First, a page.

- Category: July - August 2009
Lured by the convenience and ease of conducting financial transactions with a single click, online banking is coming of age in India and many other parts of Asia. As a result, these geographies represent a ripe new market for cybercriminals who look to launch online attacks and commit fraud.
In fact, recent reports indicate that roughly 10% of all global phishing activities target India specifically. As evidence of this disturbing trend, several Indian banks came under attack in 2008, the targets of over 400 phishing scams in just a few months. Even more alarming is the fact that more than 80 Indian banks lack adequate security measures for protecting their online users, as reported by NASSCOM, an IT trade organization in India.
Online Fraud Continues to Grow
Online fraud has become a vast global network, bringing together bands of cybercriminals to do what they do best – steal money and identities from unwitting online users. Cybercrime does not discriminate; criminals will do whatever it takes to get what they want. They are more manipulative, sophisticated and adaptive than ever.
While new online attacks are becoming more popular, phishing continues to prevail as the most common tactic used by online criminals to target financial institutions and their customers. This is supported by recent statistics released by RSA’s Anti-Fraud Command Center showing that globally, phishing attacks grew by 66% from 2007 to 2008. One of the many scams criminals use to dupe online victims into divulging their personal information, account numbers, and credentials, a phishing scam usually begins with a message that looks like an official email from a bank. The text within the email tells the user that he/she needs to access the bank’s website and update his/her personal information, or risk having his/her account suspended or closed. The email usually contains a link that the user can click on to go to the bank’s website. Once clicked, instead of directing the user to the bank’s website, they are actually brought to a spoofed website that looks nearly identical to the bank’s official website and is intended to steal the user’s information.
Phishing scams are popular within the fraud community because the cost of executing them is low and setting them up requires little technical knowledge. For very little money, a criminal can buy an entire phishing kit on the black market and launch an attack against tens of thousands of potential victims with minimal effort.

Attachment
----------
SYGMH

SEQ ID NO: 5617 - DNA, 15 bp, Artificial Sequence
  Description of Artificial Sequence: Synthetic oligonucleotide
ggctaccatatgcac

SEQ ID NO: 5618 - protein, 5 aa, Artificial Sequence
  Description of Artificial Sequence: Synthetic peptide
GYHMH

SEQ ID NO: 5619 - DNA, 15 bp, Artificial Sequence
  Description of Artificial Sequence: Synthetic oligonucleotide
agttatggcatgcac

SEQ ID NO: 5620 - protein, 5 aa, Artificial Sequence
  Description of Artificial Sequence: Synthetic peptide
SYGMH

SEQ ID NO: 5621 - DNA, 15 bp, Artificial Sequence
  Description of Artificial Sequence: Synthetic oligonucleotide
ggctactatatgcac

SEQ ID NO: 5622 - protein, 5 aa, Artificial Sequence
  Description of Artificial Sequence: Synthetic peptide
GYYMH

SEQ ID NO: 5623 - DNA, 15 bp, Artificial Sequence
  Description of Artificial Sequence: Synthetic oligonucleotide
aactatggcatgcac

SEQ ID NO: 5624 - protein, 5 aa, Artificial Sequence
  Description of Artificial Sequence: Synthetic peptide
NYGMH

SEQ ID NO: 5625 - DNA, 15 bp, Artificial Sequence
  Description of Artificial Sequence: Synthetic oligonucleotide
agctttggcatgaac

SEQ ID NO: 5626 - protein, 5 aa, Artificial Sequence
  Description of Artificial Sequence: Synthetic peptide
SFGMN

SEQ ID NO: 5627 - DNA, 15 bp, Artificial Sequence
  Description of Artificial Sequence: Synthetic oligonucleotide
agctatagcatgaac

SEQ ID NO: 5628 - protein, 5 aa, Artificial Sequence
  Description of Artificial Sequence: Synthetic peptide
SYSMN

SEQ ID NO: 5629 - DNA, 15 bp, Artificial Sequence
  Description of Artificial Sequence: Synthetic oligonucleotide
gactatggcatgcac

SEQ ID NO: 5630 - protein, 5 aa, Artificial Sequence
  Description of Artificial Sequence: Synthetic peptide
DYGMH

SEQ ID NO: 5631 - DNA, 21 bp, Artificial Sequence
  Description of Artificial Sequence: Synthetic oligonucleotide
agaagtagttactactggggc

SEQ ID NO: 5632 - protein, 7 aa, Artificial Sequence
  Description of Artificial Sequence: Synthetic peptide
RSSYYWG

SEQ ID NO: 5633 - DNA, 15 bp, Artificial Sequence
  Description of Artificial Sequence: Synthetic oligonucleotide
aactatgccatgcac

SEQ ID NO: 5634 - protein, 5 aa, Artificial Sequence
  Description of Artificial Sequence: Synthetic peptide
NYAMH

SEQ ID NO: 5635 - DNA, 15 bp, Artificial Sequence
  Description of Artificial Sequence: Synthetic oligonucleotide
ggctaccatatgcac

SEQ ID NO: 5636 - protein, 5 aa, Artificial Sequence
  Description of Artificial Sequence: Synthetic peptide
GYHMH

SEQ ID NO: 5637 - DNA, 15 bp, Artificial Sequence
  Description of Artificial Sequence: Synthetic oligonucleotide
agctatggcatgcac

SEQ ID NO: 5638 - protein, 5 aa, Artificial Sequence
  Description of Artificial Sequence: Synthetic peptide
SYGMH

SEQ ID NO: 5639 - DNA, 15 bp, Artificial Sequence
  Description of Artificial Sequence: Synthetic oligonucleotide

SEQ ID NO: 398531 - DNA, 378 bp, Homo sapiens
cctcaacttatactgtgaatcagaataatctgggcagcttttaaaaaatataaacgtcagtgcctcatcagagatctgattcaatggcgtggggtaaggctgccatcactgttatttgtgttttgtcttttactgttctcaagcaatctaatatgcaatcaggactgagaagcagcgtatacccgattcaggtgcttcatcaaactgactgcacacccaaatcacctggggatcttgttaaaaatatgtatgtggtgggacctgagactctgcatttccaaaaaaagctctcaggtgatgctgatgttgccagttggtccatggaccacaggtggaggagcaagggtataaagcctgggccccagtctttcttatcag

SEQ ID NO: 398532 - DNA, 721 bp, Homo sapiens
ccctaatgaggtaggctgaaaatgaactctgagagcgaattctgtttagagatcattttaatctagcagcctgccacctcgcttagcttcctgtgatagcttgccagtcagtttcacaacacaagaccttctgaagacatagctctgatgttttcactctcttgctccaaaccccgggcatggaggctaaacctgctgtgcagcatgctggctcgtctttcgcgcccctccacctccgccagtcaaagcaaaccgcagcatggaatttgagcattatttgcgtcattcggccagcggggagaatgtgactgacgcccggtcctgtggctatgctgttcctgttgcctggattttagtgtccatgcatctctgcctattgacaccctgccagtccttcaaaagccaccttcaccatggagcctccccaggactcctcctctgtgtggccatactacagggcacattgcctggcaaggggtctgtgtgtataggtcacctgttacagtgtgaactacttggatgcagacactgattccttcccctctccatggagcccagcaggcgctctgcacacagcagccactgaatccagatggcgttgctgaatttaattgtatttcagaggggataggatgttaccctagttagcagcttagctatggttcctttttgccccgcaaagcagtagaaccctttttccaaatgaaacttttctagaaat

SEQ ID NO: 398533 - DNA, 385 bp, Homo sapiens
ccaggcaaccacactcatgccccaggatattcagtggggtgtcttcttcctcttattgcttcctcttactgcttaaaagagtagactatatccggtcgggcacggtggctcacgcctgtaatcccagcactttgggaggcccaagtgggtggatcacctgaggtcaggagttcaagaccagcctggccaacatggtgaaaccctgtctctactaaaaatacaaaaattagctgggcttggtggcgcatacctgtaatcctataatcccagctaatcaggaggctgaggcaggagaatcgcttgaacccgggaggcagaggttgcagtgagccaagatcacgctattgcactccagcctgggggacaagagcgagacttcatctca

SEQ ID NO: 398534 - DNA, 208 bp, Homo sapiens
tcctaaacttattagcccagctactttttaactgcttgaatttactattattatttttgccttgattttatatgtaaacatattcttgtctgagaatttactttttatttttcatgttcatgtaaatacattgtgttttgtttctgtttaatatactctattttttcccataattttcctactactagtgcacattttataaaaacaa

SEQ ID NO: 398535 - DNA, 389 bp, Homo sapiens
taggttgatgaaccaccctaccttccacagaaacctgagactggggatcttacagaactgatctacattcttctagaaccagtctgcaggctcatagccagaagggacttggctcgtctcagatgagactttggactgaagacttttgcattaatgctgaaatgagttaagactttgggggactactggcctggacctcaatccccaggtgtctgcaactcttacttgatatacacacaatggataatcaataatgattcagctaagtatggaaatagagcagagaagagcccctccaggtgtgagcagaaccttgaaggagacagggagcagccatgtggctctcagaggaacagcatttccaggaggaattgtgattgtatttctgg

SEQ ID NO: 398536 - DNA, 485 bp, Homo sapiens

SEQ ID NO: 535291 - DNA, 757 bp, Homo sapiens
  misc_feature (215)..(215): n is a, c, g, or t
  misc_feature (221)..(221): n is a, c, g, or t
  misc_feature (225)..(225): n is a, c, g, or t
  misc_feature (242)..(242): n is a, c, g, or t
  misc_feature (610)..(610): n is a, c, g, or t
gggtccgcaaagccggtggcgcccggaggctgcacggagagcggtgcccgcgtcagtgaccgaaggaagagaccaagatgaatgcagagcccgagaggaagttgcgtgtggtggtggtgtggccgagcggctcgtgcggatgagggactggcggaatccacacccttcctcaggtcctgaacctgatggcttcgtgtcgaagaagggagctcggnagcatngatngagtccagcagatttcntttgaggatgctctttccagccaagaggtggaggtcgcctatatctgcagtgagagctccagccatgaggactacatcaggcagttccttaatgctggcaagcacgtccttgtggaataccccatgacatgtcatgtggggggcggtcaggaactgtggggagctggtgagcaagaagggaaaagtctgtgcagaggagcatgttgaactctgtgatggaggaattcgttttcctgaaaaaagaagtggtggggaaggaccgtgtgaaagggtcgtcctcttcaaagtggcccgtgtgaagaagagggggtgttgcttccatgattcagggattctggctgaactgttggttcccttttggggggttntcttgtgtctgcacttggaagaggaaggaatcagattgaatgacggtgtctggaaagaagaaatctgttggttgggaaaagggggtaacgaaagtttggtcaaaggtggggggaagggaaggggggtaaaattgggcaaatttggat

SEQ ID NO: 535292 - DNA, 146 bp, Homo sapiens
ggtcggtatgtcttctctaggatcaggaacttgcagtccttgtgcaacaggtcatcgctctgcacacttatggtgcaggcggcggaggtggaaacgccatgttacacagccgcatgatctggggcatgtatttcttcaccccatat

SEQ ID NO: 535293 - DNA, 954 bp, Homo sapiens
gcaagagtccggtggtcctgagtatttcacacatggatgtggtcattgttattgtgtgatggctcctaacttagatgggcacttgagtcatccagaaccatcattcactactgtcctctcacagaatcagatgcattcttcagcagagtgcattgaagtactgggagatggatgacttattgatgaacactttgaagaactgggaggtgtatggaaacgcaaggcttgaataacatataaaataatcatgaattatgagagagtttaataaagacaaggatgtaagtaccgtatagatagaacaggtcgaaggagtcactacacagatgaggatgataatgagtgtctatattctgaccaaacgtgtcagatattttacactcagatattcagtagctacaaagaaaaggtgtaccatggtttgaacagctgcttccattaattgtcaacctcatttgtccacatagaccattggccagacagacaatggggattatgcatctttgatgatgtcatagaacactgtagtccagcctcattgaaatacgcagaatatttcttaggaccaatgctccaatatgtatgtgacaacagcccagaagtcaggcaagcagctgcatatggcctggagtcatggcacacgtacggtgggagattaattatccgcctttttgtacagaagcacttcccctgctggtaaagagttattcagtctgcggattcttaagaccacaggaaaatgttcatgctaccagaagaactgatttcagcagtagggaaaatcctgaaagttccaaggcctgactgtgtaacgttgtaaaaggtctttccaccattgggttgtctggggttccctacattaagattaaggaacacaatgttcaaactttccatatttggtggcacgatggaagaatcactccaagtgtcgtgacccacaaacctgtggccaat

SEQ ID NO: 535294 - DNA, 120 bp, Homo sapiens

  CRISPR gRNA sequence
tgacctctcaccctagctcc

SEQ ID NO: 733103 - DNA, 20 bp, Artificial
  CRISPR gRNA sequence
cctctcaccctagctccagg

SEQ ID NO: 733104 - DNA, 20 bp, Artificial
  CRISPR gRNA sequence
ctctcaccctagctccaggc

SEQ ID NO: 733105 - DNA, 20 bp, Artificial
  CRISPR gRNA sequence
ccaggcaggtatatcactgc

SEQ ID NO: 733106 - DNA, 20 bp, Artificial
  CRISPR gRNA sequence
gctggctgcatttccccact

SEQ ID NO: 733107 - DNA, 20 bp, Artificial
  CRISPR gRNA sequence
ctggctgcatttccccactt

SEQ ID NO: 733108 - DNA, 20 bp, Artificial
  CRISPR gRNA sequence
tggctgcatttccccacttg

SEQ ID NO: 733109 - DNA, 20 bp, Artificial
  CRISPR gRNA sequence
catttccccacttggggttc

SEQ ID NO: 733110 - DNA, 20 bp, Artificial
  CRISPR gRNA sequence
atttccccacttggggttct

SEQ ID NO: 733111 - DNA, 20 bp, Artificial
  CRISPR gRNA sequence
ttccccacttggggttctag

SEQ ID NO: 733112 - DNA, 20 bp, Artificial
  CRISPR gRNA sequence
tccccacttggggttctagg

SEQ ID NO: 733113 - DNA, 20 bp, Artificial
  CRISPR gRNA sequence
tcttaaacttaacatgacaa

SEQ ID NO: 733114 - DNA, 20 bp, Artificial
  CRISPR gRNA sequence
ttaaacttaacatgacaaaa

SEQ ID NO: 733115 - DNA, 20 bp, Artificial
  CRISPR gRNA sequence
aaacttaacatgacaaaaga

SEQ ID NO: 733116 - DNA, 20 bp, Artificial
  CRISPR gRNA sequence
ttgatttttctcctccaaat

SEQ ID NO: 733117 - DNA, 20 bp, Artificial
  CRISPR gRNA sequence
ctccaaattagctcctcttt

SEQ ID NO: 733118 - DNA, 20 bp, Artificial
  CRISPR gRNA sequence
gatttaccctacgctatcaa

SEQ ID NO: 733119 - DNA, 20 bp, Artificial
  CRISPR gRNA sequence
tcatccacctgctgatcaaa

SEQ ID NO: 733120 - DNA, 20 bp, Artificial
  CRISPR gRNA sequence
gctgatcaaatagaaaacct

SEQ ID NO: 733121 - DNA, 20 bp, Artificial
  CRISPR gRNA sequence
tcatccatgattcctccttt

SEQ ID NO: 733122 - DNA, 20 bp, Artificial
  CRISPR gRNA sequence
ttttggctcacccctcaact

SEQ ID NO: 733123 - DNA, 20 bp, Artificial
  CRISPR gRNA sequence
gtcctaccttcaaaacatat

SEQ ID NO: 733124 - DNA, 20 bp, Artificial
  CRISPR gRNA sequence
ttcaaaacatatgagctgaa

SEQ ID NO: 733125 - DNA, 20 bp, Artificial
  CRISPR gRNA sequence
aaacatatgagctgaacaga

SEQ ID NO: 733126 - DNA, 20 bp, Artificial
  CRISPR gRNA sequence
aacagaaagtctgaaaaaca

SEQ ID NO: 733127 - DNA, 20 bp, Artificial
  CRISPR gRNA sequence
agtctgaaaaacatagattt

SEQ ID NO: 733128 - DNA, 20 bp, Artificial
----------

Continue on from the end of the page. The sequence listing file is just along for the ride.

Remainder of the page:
Layered Security is the Best Protection
Staying a step ahead of online criminals and being prepared to address new threats is critical to fending off fraud. Financial institutions must establish a layered approach to security which is key to lowering the overall risk posed by phishing and other online threats. A layered security approach has three core elements:
- Understand the threat landscape
- Use multi-factor authentication to protect login
- Monitor user activities and transactions
Understand the threat landscape
Financial institutions must understand the threats that are targeting their businesses and the relative risks they pose. By doing so, financial institutions can mitigate the risk of online fraud or even prevent it from occurring at all. By gathering and sharing intelligence and developing a broad knowledge of potential threats, financial institutions can better evaluate their own vulnerabilities and implement security solutions to protect their customers.
Use multi-factor authentication to protect log-in
Username and password authentication is not enough to stop criminals from accessing online bank accounts. Multi-factor authentication is essential to prevent unauthorized access to a user’s personal data and account information. There are a number of strong authentication technologies available on the market today that have been widely deployed across large online banking user populations and have been highly successful in reducing and preventing fraud. Some of the more popular technologies include risk-based authentication, one-time passwords, and site-to-user authentication.
Monitor transactions and activities that occur post-login
Financial institutions should also consider implementing a transaction monitoring solution that analyzes and challenges high-risk transactions after a user has logged in to his/her account. Transactions typically require more scrutiny and pose more risk to financial institutions than just the act of logging in to an account. Transaction monitoring solutions analyze a combination of factors such as the IP address, characteristics of the user’s computer and the actual behavior of the user (i.e. is the amount of this money transfer typical of the user) to help identify and mark suspicious activities that may require further review by the financial institution.
Educate your Customers
There is an ongoing debate about the impact of customer education and how much it really does to mitigate the threat of online fraud. RSA offers a number of resources to help financial institutions communicate the importance of online security to their customers including guides on phishing and crimeware.
There are a number of public sources available, as well. For example, Carnegie Mellon University developed a new tool called Anti-Phishing Phil. The game teaches users how to identify phishing URLs, where to look for cues in web browsers, and how to use search engines to find legitimate sites. Interactive tools such as this are great ways to engage consumers and raise online safety and security awareness.
By Art Coviello, executive vice president of EMC and president, RSA